The New York Yankees’ season is over, but another hugely important competition begins. The question now is whether Aaron Judge will return to the Yanks or sign as a free agent with one of Major League Baseball’s other free-spending teams?
Even Judge, who broke Roger Maris’ American League and Yankees’ single-season home run record by hitting 62 this season, says he has no clue.
“Your guess is as good as mine,” Judge said in an interview Saturday night at Yankee Stadium as another playoff run came up short when the Yanks were swept by the Houston Astros in the American League Championship Series with Sunday’s rain-delayed Game 4, 6-5 loss.
The Astros will return to the World Series for the fourth time in six years, this time against the surging National League champion Philadelphia Phillies, starting Friday night at Houston’s Minute Maid Park.
The Yankees will be left to ponder the future for the 13th offseason since they last won the World Series in 2009. With Judge on the market, this winter might be their most consequential. The San Francisco Giants top the list of competitors for No. 99. The Los Angeles Dodgers, Boston Red Sox and New York Mets are also potential suitors.
Judge turned down a $213.5 million, seven-year offer prior to this season and that figure may seem paltry when all is said and done this offseason. He won’t become a free agent until the end of the World Series, so the Yankees still have a small window of exclusive negotiations with Judge’s agents at PSI Sports.
Judge’s goal was always to remain in New York where he’s played his first six-plus seasons.
“I’ve been clear about that since I first started wearing the pinstripes,” he said to the media in the wee hours of Monday morning. “We couldn’t get something done before spring training and now we’ll see what happens.”
Those conversations will start with a few comparable deals for the 30-year-old Judge:
In 2019, Bryce Harper signed a 13-year, $330 million contract with the Phillies, and Manny Machado a 10-year, $300 million contract with San Diego Padres. Because of the labor climate at the time, both players didn’t sign with their respective teams until spring training.
Mike Trout then signed an extension with the Los Angeles Angels for 12 years and $426.5 million, or roughly $35 million per year, the most yet for a position player.
This past offseason, the New York Mets inked Max Scherzer to a three-year, $130 million deal. That average annual salary of $43.33 million is the highest ever.
Yankees general manager Brian Cashman said prior to the playoffs that Judge “bet on himself, and it’s the all-time best bet the way he navigated the season.”
“There’s a pot of gold there,” he added. “It’s yet to be determined what the gold—how much it weighs—but it’s a pot of gold, no doubt about it. So good for him. It was already a big pot and, obviously, it’ll be bigger.”
Let the negotiations begin.
Barry Bonds made it clear near the end of Judge’s run to catch and surpass Maris that he hoped Judge would sign with the Giants, his former team.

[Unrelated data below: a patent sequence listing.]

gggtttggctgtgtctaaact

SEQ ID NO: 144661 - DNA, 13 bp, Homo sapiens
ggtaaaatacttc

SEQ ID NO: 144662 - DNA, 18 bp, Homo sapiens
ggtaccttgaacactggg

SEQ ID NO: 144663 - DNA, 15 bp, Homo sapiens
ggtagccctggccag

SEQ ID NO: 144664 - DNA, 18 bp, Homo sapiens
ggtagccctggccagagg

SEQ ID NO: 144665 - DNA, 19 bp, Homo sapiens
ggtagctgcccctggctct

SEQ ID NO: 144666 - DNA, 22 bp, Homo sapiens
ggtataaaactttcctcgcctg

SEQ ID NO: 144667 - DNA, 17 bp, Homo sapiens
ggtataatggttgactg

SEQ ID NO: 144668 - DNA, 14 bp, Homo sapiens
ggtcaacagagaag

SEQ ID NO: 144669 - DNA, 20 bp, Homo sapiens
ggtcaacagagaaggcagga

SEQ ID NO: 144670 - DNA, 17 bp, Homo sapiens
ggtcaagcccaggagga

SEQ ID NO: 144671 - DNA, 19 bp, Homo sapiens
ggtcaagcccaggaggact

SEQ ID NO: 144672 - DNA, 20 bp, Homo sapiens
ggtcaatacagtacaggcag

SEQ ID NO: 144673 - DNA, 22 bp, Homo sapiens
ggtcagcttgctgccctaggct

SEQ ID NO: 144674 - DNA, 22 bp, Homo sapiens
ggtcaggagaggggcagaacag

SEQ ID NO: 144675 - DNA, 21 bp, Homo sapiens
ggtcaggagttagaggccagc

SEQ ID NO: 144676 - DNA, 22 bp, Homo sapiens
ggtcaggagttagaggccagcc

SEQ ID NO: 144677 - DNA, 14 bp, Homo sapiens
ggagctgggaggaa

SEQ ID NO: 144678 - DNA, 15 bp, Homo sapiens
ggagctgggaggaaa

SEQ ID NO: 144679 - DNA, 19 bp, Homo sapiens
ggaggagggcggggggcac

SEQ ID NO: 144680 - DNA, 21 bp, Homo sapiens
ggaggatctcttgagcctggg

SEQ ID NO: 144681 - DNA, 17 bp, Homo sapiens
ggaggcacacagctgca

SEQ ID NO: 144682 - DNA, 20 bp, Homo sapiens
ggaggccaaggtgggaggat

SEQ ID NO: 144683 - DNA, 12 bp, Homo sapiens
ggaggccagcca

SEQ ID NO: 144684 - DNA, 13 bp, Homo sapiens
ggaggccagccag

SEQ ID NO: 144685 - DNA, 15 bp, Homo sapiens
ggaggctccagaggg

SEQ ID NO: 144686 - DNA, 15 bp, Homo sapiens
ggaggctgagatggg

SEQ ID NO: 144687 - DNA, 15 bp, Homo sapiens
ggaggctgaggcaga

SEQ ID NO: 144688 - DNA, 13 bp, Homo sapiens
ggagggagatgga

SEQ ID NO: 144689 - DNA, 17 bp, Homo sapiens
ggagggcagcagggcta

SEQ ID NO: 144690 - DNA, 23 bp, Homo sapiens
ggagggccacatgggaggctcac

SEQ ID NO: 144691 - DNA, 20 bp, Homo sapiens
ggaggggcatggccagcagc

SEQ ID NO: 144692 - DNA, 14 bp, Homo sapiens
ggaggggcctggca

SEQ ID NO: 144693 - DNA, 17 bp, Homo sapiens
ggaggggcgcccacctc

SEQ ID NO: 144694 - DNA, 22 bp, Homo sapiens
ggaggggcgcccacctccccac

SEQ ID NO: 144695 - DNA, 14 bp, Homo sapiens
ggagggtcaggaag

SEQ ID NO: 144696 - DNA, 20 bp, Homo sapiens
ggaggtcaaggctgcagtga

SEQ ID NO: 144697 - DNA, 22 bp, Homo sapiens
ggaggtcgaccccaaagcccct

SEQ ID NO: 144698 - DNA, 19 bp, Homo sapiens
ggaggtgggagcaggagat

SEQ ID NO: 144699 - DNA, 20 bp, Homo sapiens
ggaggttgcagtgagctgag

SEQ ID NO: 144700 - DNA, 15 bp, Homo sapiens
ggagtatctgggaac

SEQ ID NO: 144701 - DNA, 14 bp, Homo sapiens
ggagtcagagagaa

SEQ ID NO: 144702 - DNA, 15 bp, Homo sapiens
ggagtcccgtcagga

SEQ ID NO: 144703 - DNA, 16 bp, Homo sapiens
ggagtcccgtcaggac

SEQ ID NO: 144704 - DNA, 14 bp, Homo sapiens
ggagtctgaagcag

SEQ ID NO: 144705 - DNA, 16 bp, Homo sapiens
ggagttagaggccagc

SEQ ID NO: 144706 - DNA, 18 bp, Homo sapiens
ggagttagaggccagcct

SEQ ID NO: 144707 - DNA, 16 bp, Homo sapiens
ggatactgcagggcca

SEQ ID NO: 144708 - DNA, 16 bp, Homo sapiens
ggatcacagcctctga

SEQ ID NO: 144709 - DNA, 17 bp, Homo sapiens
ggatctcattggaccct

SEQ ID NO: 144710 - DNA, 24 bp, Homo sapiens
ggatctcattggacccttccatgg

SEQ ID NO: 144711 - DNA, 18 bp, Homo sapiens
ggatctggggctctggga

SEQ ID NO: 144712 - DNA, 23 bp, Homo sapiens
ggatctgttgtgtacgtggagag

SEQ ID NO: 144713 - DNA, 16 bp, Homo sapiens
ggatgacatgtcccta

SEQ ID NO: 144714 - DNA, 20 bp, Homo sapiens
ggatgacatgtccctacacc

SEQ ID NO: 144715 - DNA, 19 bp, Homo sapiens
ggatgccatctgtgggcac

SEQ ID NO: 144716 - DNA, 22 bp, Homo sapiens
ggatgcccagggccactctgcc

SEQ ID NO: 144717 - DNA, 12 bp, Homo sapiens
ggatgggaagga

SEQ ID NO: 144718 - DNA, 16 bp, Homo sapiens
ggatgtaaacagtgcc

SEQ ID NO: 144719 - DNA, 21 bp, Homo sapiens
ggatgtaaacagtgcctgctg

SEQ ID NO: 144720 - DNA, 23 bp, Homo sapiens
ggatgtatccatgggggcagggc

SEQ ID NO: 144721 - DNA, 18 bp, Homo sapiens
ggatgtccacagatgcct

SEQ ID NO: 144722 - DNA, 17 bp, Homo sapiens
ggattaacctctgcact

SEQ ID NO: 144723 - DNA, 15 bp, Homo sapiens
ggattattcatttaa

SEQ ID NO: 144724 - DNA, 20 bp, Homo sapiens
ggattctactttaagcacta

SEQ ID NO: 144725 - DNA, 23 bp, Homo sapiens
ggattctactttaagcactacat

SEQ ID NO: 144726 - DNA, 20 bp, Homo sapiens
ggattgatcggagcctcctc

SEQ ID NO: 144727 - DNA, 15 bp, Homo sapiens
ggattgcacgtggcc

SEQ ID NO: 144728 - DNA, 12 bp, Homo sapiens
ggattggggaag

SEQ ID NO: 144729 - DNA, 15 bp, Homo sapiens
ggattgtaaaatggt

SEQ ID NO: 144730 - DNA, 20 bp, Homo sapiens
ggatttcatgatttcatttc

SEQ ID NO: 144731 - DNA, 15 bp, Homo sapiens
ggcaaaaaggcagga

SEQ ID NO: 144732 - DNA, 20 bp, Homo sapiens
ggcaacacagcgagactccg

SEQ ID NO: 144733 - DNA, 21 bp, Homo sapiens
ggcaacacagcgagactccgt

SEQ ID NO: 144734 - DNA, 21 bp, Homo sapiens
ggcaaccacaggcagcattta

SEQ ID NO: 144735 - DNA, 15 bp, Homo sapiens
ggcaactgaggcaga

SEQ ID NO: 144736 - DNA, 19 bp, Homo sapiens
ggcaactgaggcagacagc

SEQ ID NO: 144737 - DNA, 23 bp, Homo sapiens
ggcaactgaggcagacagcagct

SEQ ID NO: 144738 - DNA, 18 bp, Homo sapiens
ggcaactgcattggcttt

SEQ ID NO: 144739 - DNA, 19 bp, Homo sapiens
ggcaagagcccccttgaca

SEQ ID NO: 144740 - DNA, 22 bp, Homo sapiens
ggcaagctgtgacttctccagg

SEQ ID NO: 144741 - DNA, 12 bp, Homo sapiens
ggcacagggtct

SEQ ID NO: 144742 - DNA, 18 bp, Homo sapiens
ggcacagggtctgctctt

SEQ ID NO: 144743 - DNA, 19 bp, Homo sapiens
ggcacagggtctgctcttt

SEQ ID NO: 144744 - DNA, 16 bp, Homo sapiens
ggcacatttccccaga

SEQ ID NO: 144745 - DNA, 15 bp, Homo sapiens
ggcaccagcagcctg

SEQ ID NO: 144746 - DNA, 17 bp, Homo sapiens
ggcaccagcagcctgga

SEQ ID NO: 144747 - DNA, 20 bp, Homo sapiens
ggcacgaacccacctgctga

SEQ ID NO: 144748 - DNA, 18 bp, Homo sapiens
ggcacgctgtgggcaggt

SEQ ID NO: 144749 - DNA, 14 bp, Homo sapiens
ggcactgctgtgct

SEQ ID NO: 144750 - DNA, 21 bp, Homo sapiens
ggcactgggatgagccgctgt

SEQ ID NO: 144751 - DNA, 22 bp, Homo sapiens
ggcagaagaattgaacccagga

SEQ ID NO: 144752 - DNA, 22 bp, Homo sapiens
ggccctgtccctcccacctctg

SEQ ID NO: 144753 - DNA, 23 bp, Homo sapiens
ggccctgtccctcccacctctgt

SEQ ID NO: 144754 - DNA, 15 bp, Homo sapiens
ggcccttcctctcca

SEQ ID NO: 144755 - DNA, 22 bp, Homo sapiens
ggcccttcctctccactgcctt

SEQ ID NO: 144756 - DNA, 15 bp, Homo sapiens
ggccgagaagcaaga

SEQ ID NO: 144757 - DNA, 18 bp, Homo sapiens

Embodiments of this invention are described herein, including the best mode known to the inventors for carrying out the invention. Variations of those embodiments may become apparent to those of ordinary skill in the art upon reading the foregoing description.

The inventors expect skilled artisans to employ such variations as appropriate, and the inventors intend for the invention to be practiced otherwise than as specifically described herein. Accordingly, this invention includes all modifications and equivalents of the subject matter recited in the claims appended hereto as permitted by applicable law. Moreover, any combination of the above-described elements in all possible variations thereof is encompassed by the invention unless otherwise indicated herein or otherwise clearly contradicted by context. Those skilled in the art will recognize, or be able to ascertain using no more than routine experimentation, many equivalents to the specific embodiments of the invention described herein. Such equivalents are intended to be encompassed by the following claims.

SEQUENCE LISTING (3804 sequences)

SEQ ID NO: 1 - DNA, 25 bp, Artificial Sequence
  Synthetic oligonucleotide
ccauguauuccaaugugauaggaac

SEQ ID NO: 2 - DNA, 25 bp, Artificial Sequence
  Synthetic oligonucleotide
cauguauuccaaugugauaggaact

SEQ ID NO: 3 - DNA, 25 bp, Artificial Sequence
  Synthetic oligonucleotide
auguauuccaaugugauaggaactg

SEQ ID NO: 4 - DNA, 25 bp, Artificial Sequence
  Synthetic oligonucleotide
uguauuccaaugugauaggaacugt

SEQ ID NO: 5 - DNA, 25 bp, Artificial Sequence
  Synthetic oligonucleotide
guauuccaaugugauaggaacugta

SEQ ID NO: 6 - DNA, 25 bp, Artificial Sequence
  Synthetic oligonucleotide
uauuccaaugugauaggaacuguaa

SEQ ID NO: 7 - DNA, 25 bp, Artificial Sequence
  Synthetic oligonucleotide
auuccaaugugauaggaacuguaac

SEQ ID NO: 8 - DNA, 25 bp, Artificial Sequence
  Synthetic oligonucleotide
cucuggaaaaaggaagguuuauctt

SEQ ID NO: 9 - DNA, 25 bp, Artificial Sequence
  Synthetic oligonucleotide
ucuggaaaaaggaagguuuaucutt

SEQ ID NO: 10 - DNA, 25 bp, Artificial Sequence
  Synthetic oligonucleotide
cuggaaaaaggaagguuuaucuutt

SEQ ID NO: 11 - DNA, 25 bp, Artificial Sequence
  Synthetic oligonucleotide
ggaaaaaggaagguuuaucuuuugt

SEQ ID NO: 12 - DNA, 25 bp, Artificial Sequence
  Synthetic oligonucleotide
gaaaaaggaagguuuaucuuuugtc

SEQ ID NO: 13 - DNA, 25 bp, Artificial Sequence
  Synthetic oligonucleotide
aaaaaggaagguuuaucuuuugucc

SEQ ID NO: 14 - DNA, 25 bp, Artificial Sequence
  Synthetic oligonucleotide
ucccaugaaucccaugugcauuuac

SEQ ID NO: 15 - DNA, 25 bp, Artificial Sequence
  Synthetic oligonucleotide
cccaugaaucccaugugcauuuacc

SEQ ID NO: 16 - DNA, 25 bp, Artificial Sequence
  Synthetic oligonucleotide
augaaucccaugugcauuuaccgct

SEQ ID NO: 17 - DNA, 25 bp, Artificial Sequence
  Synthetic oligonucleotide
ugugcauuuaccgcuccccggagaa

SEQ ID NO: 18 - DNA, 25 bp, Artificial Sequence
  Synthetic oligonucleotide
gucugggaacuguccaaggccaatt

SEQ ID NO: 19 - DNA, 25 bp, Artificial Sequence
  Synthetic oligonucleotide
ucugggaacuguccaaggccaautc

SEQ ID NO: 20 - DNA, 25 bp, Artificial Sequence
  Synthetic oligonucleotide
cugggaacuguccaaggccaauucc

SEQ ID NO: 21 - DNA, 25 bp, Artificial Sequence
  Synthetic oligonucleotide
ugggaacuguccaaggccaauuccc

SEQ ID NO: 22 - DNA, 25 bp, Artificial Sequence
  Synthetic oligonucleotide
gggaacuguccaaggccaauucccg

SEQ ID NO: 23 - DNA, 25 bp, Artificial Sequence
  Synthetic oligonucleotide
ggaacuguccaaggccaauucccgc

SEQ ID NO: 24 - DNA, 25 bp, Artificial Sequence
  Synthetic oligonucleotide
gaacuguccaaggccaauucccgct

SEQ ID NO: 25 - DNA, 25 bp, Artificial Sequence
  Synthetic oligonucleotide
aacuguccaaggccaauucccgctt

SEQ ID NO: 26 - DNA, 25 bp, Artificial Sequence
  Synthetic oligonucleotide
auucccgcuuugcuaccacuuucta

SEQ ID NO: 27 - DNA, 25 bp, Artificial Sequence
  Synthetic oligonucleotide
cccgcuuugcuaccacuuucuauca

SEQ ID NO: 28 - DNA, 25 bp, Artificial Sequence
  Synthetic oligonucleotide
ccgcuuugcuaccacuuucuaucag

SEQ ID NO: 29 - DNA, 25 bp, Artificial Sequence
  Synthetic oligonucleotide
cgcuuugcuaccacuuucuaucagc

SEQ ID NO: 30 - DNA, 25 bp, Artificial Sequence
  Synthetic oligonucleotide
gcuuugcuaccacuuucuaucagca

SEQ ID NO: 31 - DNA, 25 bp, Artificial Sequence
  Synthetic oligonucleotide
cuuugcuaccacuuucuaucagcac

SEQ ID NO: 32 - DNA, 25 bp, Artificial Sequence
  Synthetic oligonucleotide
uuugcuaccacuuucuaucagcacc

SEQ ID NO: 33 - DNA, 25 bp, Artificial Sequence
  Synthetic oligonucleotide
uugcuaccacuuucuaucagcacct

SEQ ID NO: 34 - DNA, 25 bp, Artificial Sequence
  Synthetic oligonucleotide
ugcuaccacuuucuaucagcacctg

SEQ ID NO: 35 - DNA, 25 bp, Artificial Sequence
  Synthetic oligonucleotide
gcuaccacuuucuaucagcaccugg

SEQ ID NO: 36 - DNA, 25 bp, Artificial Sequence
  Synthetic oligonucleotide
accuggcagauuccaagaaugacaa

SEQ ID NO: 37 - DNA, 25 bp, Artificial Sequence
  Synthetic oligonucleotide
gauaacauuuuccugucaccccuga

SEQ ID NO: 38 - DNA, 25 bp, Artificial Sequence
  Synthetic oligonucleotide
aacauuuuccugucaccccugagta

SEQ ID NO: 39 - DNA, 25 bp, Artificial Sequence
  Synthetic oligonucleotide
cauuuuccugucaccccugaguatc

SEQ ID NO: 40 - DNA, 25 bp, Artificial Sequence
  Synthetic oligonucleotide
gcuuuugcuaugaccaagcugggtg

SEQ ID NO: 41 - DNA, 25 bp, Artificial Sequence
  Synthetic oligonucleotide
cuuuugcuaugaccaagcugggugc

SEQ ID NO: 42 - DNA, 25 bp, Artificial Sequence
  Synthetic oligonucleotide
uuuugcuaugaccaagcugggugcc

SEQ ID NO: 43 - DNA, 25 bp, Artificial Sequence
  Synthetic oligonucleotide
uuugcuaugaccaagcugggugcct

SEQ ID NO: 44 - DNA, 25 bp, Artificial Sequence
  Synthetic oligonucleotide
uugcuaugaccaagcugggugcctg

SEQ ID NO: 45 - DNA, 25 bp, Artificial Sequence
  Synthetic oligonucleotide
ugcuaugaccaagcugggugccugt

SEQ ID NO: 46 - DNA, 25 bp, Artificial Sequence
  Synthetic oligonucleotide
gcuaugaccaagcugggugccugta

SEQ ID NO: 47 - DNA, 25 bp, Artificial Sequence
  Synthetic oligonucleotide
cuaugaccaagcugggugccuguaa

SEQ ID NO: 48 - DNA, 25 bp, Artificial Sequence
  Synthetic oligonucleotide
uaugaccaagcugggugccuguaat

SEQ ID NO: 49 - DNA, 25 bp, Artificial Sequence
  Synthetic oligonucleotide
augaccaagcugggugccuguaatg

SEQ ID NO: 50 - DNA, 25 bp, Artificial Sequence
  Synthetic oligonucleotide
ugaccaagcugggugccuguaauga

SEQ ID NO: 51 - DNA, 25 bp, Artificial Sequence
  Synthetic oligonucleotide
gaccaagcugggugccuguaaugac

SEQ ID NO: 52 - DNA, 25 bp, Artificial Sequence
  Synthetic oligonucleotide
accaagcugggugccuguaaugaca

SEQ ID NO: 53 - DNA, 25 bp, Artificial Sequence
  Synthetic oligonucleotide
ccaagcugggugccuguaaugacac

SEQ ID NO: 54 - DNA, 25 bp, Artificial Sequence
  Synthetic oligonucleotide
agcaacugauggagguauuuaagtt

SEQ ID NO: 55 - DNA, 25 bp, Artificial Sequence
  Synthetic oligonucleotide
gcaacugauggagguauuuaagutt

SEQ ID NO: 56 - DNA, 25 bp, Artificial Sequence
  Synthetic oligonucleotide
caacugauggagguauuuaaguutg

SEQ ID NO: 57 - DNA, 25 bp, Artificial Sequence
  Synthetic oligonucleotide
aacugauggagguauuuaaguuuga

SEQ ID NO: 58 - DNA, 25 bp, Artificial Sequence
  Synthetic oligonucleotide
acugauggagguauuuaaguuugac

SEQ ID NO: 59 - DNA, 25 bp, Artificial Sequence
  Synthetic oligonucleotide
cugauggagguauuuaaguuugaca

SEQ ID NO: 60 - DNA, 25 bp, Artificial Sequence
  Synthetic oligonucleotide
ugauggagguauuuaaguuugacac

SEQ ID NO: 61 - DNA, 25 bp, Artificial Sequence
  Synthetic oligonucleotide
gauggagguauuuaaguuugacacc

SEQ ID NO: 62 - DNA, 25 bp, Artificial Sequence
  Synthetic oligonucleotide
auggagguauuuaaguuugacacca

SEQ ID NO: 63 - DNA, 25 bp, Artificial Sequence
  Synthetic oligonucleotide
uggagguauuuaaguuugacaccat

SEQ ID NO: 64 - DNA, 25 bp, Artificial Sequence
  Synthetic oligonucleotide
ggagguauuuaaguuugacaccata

“I hope he signs here,” Bonds told Sportico. “Can it happen? I don’t know. It depends on what the Yankee payroll is. But we would love to have him, I’ll tell you that.”
Judge grew up 90 minutes east of San Francisco in Linden, Calif., and as a youngster idolized Bonds, whom he watched set the single-season homer record of 73 in 2001 and finish with the career record of 762 in 2007.
Judge was pleased to hear Bonds’ sentiments about him playing for the Giants. The two have never met.
“Oh, man, he’s one of the greats right there,” Judge said without tipping his hand. “Good stuff, good stuff. We’ll see what happens.”
Judge was asked if he’d approach Bonds as an idol or peer.
“Well, definitely as an idol,” he said. “I’ve got respect for the guys that came before me and played this game before me and everything they have done. I definitely see it as approaching an idol, and I’ll pick his brain a little bit. Just any tips I can get on how he made this game look so easy.
“So, whenever I get a chance to meet him, I’ll definitely want to have a lengthy conversation, that’s for sure.”
Judge had had an epic and singular regular season with a slash line of .311/.425/.686, an OPS of 1.111 and OPS-plus of 211 (100 is the median). He led the Majors in all those categories except batting average (his .311 was good for fifth), while leading MLB with 133 runs scored, 131 RBIs, 391 total bases and the 62 homers.
He seemingly single-handedly carried the Yankees to 99 wins and the AL East title but ran out of gas during the postseason when he was 5-for-36 (.139) with 15 strikeouts and two homers. He grounded back to the mound to end Sunday’s game and the series.
Still, a future without Judge would be baffling for the Yankees. In their last eight home games, as he chased the record, the Yanks drew 408,552 total fans. A family of four averages a minimum of $350 to attend a Yankees’ game, according to Team Marketing Report, which means those games generated about $40 million in revenue, including club seats.
Judge earned a relatively modest $19 million this past season.
“He was incredible,” Yanks manager Aaron Boone said, describing Judge’s season to the media after the series ended. “Just an incredible season and [he’s] someone I’ve grown close with and just admire and respect. Hopefully we’ll see him in pinstripes for a long time. I don’t even want to think about the alternative right now.”
Teammate Nestor Cortes said Judge should be named Yankees’ captain if he returns next year. And star pitcher Gerrit Cole, who signed a nine-year, $324 million contract as a free agent with the Yankees prior to the 2020 season, said he can’t envision the team “going without our big motor, No. 99.”
“He’s been a tremendous leader with this organization. Everybody looks up to him,” Cole said in an interview. “Him not being here? Looking forward, it’s not something I enjoy thinking about.”